Sberbank to Bypass Russian Regulations and Trade Cryptocurrencies Overseas
Originally published on: Bitcoin News
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January 31, 2018
The largest bank in Russia, the state-owned Sberbank, has reportedly announced its plans to bypass the Russian cryptocurrency regulations and offer crypto trading to customers overseas. The bank is looking at trading pairs of the most liquid and well-known cryptocurrencies.
Bypassing Russian Regulations
At a news briefing on Tuesday, Sberbank’s Head of Global Markets Andrey Shemetov said that the bank “plans to start trading cryptocurrencies outside Russia in order to avoid violating domestic rules,” Reuters reported. Sberbank is the largest bank in Russia and third largest in Europe. It is majority-owned by the Russian government.
According to Shemetov, “Russian laws bar Sberbank from trading cryptocurrencies.” However, “the state-controlled bank wants to be able to serve clients in what is a popular market for some investors,” the news outlet explained. “That’s why we think that we need to have a strategic access to these products,” he told reporters. Tass then quoted him emphasizing:
In Russia, we cannot trade [cryptocurrency], but we want to satisfy the interests of clients, and we believe that we must have access to a wide range of products.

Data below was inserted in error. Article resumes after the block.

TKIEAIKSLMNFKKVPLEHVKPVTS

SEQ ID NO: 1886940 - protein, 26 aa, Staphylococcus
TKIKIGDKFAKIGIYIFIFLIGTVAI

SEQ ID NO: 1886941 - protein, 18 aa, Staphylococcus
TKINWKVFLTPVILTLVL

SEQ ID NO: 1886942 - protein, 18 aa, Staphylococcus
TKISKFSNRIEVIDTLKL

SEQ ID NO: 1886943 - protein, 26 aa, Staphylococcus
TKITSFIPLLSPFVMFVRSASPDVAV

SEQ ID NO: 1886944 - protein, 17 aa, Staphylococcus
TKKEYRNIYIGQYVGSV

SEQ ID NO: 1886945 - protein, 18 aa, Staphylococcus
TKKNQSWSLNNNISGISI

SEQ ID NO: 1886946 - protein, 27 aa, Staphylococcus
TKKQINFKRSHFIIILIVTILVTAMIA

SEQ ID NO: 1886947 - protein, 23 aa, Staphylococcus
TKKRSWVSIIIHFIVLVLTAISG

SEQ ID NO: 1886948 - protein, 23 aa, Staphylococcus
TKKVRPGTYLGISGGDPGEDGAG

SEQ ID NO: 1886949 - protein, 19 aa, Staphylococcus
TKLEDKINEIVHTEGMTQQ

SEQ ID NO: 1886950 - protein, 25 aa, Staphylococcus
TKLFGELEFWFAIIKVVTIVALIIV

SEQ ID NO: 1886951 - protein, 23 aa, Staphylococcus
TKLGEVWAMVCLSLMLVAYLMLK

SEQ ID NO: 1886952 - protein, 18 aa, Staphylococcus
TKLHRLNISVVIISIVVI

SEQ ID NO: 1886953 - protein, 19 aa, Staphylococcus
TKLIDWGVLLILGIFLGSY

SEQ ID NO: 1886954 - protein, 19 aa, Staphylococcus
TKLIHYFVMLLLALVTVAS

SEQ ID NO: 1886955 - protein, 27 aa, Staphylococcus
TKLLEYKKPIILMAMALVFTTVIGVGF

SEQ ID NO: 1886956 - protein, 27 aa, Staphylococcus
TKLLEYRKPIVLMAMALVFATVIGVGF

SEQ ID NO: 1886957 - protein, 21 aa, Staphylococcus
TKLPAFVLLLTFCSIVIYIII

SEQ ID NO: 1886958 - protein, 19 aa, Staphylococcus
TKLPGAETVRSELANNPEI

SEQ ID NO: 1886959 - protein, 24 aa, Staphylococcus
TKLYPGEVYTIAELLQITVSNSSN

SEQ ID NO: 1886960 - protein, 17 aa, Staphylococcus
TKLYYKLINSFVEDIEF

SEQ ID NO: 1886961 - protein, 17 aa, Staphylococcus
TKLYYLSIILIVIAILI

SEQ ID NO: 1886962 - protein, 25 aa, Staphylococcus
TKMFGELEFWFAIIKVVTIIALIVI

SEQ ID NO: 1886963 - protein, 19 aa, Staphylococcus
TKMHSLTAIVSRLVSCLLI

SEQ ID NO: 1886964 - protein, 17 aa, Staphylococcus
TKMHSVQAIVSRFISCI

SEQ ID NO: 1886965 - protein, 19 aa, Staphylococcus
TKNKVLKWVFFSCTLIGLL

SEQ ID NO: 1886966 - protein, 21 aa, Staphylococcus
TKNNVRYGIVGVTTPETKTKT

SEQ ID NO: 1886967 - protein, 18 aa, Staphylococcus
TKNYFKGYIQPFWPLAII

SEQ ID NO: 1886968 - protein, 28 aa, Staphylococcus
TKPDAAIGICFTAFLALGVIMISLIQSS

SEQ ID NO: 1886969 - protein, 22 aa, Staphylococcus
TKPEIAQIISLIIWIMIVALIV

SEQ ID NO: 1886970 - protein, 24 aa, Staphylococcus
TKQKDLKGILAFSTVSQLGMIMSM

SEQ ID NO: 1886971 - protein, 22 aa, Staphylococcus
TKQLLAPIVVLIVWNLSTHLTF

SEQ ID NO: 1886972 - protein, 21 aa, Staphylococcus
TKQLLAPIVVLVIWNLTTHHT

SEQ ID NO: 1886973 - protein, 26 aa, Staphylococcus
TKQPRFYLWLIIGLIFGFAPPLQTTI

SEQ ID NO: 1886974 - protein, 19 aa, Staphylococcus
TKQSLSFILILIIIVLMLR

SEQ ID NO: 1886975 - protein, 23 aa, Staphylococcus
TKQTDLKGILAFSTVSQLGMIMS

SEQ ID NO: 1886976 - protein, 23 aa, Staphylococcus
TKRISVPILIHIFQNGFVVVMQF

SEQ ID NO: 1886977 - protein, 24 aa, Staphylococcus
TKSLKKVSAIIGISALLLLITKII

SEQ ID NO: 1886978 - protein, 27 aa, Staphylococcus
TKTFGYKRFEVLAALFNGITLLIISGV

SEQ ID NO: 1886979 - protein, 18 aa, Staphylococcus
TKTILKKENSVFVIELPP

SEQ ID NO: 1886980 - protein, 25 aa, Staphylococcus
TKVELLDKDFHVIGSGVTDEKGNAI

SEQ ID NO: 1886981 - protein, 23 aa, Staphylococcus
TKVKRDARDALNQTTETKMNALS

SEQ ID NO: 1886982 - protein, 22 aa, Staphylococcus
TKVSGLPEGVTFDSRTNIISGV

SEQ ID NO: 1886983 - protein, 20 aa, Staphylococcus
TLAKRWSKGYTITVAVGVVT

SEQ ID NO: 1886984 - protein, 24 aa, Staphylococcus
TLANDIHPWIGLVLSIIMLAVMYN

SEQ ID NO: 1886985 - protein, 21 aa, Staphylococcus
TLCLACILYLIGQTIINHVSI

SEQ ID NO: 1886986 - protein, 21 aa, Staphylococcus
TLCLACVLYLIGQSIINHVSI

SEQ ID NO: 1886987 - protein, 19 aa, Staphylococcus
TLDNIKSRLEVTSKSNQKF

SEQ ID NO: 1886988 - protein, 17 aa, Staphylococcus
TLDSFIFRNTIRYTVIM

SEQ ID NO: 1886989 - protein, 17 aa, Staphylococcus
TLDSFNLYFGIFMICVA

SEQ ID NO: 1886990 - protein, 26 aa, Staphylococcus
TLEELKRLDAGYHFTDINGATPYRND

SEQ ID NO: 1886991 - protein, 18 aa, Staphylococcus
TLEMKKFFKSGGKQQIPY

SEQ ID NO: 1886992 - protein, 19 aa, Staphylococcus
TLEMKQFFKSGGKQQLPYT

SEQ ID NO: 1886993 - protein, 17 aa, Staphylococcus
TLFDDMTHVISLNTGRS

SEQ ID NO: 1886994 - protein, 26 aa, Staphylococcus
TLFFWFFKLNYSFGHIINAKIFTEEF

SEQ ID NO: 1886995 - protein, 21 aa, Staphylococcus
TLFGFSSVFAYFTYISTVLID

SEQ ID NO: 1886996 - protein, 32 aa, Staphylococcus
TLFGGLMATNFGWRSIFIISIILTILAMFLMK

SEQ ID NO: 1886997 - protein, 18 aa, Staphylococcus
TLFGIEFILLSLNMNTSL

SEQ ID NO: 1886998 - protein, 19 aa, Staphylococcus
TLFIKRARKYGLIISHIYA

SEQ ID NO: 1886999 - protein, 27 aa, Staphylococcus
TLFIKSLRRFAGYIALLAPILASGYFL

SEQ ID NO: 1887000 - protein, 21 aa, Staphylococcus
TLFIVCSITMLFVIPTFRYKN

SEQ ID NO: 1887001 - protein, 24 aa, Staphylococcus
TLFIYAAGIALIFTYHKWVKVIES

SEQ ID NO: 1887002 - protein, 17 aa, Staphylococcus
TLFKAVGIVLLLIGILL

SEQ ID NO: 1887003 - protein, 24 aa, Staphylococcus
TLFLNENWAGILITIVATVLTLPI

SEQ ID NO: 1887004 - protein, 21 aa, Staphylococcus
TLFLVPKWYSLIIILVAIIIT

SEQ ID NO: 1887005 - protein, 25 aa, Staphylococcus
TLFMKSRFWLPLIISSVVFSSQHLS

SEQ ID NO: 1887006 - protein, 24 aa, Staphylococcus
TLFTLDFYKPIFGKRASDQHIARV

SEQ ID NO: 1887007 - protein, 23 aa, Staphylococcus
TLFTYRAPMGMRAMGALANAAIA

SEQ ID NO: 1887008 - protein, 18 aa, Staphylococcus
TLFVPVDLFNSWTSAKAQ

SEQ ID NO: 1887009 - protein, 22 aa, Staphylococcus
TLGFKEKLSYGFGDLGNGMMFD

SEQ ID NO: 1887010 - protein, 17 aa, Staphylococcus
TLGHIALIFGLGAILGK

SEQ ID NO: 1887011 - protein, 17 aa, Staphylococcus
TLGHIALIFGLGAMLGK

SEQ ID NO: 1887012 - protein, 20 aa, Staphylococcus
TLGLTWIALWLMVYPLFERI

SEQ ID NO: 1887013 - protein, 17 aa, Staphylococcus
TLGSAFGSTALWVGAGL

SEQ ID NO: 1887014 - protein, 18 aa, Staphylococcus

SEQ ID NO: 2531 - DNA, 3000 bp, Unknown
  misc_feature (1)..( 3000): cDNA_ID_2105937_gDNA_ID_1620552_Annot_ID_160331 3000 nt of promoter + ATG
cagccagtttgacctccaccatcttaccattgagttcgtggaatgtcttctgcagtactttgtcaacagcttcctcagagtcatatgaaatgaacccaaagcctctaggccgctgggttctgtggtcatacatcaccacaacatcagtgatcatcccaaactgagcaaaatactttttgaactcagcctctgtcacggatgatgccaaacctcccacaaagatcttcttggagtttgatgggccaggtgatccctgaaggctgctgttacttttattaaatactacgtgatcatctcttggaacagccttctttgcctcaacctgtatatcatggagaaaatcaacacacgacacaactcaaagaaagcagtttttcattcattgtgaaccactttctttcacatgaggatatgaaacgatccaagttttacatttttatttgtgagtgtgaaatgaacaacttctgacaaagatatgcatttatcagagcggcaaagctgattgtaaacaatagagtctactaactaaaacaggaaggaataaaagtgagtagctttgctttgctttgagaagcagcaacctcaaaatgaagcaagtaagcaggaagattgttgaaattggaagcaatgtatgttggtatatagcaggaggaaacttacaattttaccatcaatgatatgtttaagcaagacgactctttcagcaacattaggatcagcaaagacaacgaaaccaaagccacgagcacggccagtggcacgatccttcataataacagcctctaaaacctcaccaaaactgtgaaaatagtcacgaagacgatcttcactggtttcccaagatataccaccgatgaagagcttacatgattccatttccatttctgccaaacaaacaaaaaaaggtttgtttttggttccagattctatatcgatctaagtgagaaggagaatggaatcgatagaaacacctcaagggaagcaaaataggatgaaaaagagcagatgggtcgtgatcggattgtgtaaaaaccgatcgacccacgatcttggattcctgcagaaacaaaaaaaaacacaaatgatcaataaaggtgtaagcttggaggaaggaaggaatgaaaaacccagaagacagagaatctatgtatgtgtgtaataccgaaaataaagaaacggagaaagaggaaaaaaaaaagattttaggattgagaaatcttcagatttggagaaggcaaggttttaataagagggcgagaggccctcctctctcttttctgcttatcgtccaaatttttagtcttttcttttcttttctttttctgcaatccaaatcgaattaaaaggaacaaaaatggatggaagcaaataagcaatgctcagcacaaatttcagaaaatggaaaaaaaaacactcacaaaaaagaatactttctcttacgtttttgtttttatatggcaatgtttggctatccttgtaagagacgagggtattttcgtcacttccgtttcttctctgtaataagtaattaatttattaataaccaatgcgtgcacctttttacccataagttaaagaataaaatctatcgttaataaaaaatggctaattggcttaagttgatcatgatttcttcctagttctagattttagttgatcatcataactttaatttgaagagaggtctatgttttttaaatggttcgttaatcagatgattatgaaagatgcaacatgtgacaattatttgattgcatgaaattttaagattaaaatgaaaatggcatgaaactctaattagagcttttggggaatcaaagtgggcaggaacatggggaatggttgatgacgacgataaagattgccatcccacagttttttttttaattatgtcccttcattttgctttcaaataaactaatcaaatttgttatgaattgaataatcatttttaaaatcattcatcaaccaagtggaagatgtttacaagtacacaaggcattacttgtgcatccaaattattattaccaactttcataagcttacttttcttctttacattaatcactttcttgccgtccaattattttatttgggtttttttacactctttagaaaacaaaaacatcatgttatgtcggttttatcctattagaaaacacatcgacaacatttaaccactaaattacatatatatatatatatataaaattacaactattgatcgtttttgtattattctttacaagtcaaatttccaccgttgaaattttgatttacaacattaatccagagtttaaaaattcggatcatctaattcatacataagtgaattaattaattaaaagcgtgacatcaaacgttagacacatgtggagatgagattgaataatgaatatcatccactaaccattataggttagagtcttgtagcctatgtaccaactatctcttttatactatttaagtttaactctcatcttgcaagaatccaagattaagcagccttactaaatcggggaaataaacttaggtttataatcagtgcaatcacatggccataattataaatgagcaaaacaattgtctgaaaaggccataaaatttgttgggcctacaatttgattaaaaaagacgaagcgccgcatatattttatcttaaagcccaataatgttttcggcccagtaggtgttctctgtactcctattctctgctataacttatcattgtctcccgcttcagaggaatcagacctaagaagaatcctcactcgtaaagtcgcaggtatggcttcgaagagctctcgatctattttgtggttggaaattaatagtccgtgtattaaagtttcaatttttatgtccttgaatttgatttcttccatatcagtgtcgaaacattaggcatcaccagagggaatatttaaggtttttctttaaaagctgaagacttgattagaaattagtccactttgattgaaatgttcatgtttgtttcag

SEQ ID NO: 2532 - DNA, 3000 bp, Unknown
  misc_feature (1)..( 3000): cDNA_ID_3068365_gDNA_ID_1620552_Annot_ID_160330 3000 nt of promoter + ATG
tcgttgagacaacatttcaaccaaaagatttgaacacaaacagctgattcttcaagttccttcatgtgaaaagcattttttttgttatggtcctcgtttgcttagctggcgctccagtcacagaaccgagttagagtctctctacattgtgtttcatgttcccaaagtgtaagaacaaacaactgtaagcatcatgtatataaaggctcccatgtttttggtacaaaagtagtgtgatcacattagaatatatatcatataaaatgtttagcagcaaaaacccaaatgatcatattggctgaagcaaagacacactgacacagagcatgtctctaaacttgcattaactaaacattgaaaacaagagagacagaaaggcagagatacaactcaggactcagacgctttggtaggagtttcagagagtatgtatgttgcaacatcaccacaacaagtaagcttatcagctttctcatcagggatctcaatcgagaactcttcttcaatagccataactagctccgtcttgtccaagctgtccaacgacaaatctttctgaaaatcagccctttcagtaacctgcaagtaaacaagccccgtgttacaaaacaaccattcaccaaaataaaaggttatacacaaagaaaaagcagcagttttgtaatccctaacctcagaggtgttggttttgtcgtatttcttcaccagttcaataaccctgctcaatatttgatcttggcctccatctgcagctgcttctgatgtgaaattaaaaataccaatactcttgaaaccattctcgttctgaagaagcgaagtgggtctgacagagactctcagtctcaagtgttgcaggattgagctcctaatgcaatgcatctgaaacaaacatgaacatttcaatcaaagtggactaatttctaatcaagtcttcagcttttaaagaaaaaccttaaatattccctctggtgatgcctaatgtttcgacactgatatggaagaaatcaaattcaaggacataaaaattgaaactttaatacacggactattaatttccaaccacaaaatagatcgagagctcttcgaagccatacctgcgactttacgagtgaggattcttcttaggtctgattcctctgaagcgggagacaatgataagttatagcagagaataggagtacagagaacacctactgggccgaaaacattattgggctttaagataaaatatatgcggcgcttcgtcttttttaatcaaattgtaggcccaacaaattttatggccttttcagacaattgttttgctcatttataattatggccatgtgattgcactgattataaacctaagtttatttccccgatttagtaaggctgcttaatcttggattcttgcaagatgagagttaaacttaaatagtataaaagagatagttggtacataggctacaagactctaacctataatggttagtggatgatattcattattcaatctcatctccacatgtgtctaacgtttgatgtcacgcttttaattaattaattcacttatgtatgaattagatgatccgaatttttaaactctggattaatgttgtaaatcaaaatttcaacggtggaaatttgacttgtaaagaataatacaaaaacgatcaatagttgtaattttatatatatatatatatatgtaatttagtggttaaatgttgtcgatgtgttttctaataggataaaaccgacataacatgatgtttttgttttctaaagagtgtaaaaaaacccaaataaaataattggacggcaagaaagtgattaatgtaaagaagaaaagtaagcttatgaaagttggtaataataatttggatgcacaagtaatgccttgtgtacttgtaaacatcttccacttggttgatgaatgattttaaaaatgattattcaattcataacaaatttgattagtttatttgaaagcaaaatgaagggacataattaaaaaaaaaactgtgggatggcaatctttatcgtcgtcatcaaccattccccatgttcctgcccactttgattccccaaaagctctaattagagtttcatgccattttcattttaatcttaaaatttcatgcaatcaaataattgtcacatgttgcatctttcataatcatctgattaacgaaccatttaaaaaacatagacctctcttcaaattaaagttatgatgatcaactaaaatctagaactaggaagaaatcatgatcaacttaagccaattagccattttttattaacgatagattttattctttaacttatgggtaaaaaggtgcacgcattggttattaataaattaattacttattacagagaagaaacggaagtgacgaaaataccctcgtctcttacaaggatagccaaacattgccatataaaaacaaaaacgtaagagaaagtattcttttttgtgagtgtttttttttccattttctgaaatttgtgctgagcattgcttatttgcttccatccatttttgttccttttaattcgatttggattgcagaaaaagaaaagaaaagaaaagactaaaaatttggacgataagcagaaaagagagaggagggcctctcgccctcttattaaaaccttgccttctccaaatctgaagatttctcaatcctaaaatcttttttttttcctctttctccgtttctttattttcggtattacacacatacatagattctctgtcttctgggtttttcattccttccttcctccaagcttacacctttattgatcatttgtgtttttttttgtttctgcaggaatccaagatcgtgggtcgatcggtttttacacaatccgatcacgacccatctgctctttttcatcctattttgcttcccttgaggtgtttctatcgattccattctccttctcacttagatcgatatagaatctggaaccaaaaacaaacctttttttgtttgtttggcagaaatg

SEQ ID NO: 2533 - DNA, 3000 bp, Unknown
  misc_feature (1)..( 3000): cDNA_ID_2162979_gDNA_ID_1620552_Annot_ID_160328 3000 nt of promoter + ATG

The Russian finance ministry recently published the draft law on the regulation of digital assets in Russia including cryptocurrencies. This bill is expected to enter into force in September.
The Swiss Operation
Sberbank’s solution for crypto trading is its branch in Switzerland called Sberbank (Switzerland) AG, headquartered in Zurich. Shemetov revealed that the bank’s Swiss subsidiary is creating “an infrastructure for trading in cryptocurrencies,” Tass reported. He clarified, “We completely build the trading infrastructure so that we can open our own positions and give customers service, that is, buy and sell for clients,” reiterating:
Swiss laws allow cryptocurrency trading, and we are working on infrastructure to start offering these services through our Swiss subsidiary.
Initially, “The product will be available only to legal entities,” Ria Novosti detailed. Shemetov noted, “The product is very risky, the volatility is very high, so we will not provide these services to a large number of customers,” adding:
We are looking at all of the cryptocurrency pairs that are the most liquid, [and] their names are known. We will see what’s interesting to the clients, where is some liquidity…Obviously, we will not go into a low-liquidity crypto.
In November of last year, Sberbank bought up a lot of graphics cards that can be used for cryptocurrency mining, causing a shortage of these products on the Russian market. The bank said at the time that these cards were for its “laboratory of artificial intelligence.”
The president and chairman of the board of Sberbank, Herman Gref, said earlier this month at the annual Gaidar forum, as reported by local media, “Cryptocurrencies cannot be banned, it’s a wonderful new technology which has not yet been fully captured and studied.”
What do you think of Sberbank offering cryptocurrency trading outside of Russia? Let us know in the comments section below.
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